Summary

Real-world data (RWD) – information on patient care and outcomes collected outside of clinical trials – are an important source of information within oncology. One source of RWD is an electronic health record (EHR), which contains a person’s demographic characteristics and medical history. Collecting and merging information from EHRs can be difficult due to incompatible EHR systems and inconsistent data reporting across oncology practices.1 The American Society of Clinical Oncology (ASCO) introduced the Cancer Learning Intelligence Network for Quality (CancerLinQ®) to overcome the barriers associated with collecting data from EHRs. CancerLinQ® collects and summarises RWD directly from EHRs and other sources in real time (i.e. a rapid learning health system). It is a subscription-based platform that functions as a quality-monitoring tool for clinical practice and a research database.2

 

Problem

Only 3% of adults with cancer in the United States (US) are treated in clinical trials. Trial participants tend to be younger, fitter and less ethnically diverse than the general population with cancer.3-5 Therefore, guidelines and recommendations based solely on trial findings may misrepresent the needs of the remaining 97% of adults with cancer1 – as well as those of children, who are usually excluded from clinical trials. Real-world data (RWD) – information on patient care and outcomes collected outside of clinical trials – offer complementary information to create a more representative overview of people with cancer in the US.

One potential source of RWD is an electronic health record (EHR), which contains a person’s demographic characteristics and medical history (e.g. medication/treatments, diagnoses, imaging and laboratory test results, and consultation notes).6 However, collecting EHR data is difficult; EHR systems are often incompatible, practices may report different outcomes or use different terminologies, and EHRs contain identifiable sensitive information that cannot be shared.1 These barriers make it difficult for healthcare professionals to maintain an updated overview of oncology beyond their own practices, thereby hindering clinical progress and multidisciplinary collaboration.7 8

Solution

The Cancer Learning Intelligence Network for Quality (CancerLinQ®) was introduced by the American Society of Clinical Oncology (ASCO) in 2015 to facilitate the use of RWD in clinical practice and research. It now runs as a non-profit wholly owned subsidiary of ASCO (CancerLinQ® LLC).7

CancerLinQ® is a rapid learning health system that summarises large amounts of RWD in real time. It collects both structured and unstructured data – such as diagnosis codes and consultation notes – through an automatic daily feed from EHRs and other sources (e.g. tumour and death registries) without the need for additional input from healthcare professionals. All subscribing practices (i.e. practices that upload their data to CancerLinQ®) can access their own identifiable data through the online platform. Additionally, aggregated de-identified data are made available to all subscribing practices and to researchers.1 2 7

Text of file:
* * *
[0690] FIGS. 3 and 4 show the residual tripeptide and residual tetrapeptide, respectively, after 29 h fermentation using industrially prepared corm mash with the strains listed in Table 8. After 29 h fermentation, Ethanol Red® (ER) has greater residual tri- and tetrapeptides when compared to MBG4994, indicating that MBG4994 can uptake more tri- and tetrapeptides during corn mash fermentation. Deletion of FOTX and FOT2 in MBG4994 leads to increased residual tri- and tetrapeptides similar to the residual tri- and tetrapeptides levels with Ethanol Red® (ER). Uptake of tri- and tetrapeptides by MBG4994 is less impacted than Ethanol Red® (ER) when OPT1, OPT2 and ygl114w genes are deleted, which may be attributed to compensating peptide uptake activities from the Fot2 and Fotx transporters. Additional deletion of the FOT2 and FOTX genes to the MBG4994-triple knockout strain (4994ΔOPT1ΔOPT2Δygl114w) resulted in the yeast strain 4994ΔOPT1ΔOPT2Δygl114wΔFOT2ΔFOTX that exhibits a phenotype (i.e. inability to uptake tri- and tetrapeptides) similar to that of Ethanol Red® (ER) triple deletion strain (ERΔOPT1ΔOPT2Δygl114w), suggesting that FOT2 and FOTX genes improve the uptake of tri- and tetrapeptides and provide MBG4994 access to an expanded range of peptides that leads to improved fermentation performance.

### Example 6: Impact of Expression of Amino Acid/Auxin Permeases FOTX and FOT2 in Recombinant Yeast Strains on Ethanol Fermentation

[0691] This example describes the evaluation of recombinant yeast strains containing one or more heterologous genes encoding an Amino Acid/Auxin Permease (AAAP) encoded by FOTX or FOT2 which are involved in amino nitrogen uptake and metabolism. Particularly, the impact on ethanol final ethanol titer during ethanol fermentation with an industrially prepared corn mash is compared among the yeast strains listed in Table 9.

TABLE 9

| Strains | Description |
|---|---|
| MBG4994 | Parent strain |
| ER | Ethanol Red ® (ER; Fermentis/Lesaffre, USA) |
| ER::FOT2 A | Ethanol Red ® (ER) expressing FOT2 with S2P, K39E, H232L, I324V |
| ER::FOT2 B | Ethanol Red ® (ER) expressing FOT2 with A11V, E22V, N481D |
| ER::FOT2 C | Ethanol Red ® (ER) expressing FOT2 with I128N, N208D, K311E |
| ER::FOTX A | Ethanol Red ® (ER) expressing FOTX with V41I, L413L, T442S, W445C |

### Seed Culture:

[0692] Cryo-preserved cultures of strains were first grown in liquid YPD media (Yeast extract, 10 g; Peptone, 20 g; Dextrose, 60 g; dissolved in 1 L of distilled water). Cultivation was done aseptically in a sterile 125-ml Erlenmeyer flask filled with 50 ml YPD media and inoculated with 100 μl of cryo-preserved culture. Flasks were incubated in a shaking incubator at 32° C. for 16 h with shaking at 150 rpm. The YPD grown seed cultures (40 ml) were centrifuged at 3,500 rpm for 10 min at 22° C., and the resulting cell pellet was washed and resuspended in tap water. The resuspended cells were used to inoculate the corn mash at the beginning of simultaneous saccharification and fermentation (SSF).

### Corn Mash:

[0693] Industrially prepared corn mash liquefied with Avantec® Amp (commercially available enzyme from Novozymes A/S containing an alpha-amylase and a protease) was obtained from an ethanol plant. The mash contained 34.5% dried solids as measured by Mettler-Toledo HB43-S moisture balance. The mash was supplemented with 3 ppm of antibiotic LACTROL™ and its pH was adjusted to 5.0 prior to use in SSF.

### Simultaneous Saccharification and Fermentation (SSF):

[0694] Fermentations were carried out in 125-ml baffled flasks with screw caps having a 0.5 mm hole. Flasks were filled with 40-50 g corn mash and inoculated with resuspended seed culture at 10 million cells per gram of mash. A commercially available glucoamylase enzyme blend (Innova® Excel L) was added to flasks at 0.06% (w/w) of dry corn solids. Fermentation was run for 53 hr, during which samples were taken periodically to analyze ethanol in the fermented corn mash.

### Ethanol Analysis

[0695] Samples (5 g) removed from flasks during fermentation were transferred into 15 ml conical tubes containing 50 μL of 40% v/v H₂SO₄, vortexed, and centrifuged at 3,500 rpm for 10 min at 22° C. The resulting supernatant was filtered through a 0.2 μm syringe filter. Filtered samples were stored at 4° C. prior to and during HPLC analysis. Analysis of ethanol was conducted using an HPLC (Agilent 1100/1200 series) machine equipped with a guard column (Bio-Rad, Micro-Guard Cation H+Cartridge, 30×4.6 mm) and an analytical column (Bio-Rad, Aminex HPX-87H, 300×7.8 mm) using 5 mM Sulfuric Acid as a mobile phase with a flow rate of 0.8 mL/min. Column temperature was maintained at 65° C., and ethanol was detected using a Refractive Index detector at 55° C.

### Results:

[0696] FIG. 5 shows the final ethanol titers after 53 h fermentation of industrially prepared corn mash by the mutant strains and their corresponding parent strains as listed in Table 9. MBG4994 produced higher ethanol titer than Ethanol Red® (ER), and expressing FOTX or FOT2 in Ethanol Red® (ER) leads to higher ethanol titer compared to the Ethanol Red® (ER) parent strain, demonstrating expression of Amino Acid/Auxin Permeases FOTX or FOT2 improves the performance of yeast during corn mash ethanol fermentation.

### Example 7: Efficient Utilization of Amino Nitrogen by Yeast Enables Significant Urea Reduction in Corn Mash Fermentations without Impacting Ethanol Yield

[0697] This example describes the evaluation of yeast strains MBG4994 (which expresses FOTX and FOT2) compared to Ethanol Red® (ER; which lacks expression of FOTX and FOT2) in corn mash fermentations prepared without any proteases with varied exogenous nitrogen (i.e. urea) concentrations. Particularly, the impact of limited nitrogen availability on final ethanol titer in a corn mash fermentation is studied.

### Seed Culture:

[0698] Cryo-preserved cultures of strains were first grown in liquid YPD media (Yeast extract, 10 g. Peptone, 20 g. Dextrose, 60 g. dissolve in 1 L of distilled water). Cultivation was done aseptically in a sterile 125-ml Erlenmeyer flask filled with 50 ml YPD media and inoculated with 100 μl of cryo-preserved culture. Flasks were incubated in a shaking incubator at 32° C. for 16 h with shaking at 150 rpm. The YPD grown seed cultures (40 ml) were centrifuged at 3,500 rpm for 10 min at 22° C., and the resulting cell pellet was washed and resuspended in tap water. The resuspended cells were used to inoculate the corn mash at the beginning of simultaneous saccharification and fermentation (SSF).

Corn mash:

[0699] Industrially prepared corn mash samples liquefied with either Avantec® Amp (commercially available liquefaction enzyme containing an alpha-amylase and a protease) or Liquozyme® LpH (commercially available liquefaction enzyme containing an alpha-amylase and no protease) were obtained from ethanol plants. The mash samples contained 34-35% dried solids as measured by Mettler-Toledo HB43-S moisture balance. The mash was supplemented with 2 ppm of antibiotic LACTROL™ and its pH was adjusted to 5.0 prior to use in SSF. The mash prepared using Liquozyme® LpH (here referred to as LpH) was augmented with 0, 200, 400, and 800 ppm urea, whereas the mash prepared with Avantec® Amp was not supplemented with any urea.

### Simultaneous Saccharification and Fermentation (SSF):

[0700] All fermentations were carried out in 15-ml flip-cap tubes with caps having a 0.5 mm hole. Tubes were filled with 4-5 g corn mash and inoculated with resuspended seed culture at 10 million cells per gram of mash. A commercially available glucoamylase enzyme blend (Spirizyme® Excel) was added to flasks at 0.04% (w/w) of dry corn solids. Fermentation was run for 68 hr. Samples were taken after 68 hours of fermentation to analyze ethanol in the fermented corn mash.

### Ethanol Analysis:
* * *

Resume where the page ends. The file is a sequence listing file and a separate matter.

Healthcare professionals can use CancerLinQ® as a tool to:

  • inform clinical decisions (e.g. matching patient characteristics with existing clinical guidelines and data from similar patients)
  • identify areas for improvement in their practice (e.g. comparing practice data with existing clinical guidelines)
  • fulfil mandatory data reporting requirements at the federal, state and quality programme levels
  • visualise and analyse patient data to identify trends in specific patient populations.1 9

Online access to these tools ensures that real-time care information reaches healthcare professionals directly, with the aim of giving people with cancer up-to-date, high-quality cancer care regardless of where they live or receive treatment.9

 

What has it achieved?

As of 2019, the CancerLinQ® platform includes data from over 1.5 million patients (~1.05 million with a primary malignant tumour diagnosis), representing more than 100 oncology practices across the US.10 It has launched several initiatives to improve the use of RWD in oncology research and clinical practice.

 

CancerLinQ Discovery®

CancerLinQ Discovery®, the research database of the CancerLinQ® platform, was introduced to increase RWD usage in oncology research.2 Fit-for-purpose de-identified datasets can be requested by:

  • members of the research community (e.g. academic researchers or public health agencies)
  • life sciences companies and other commercial entities (through Tempus and Concerto HealthAI).10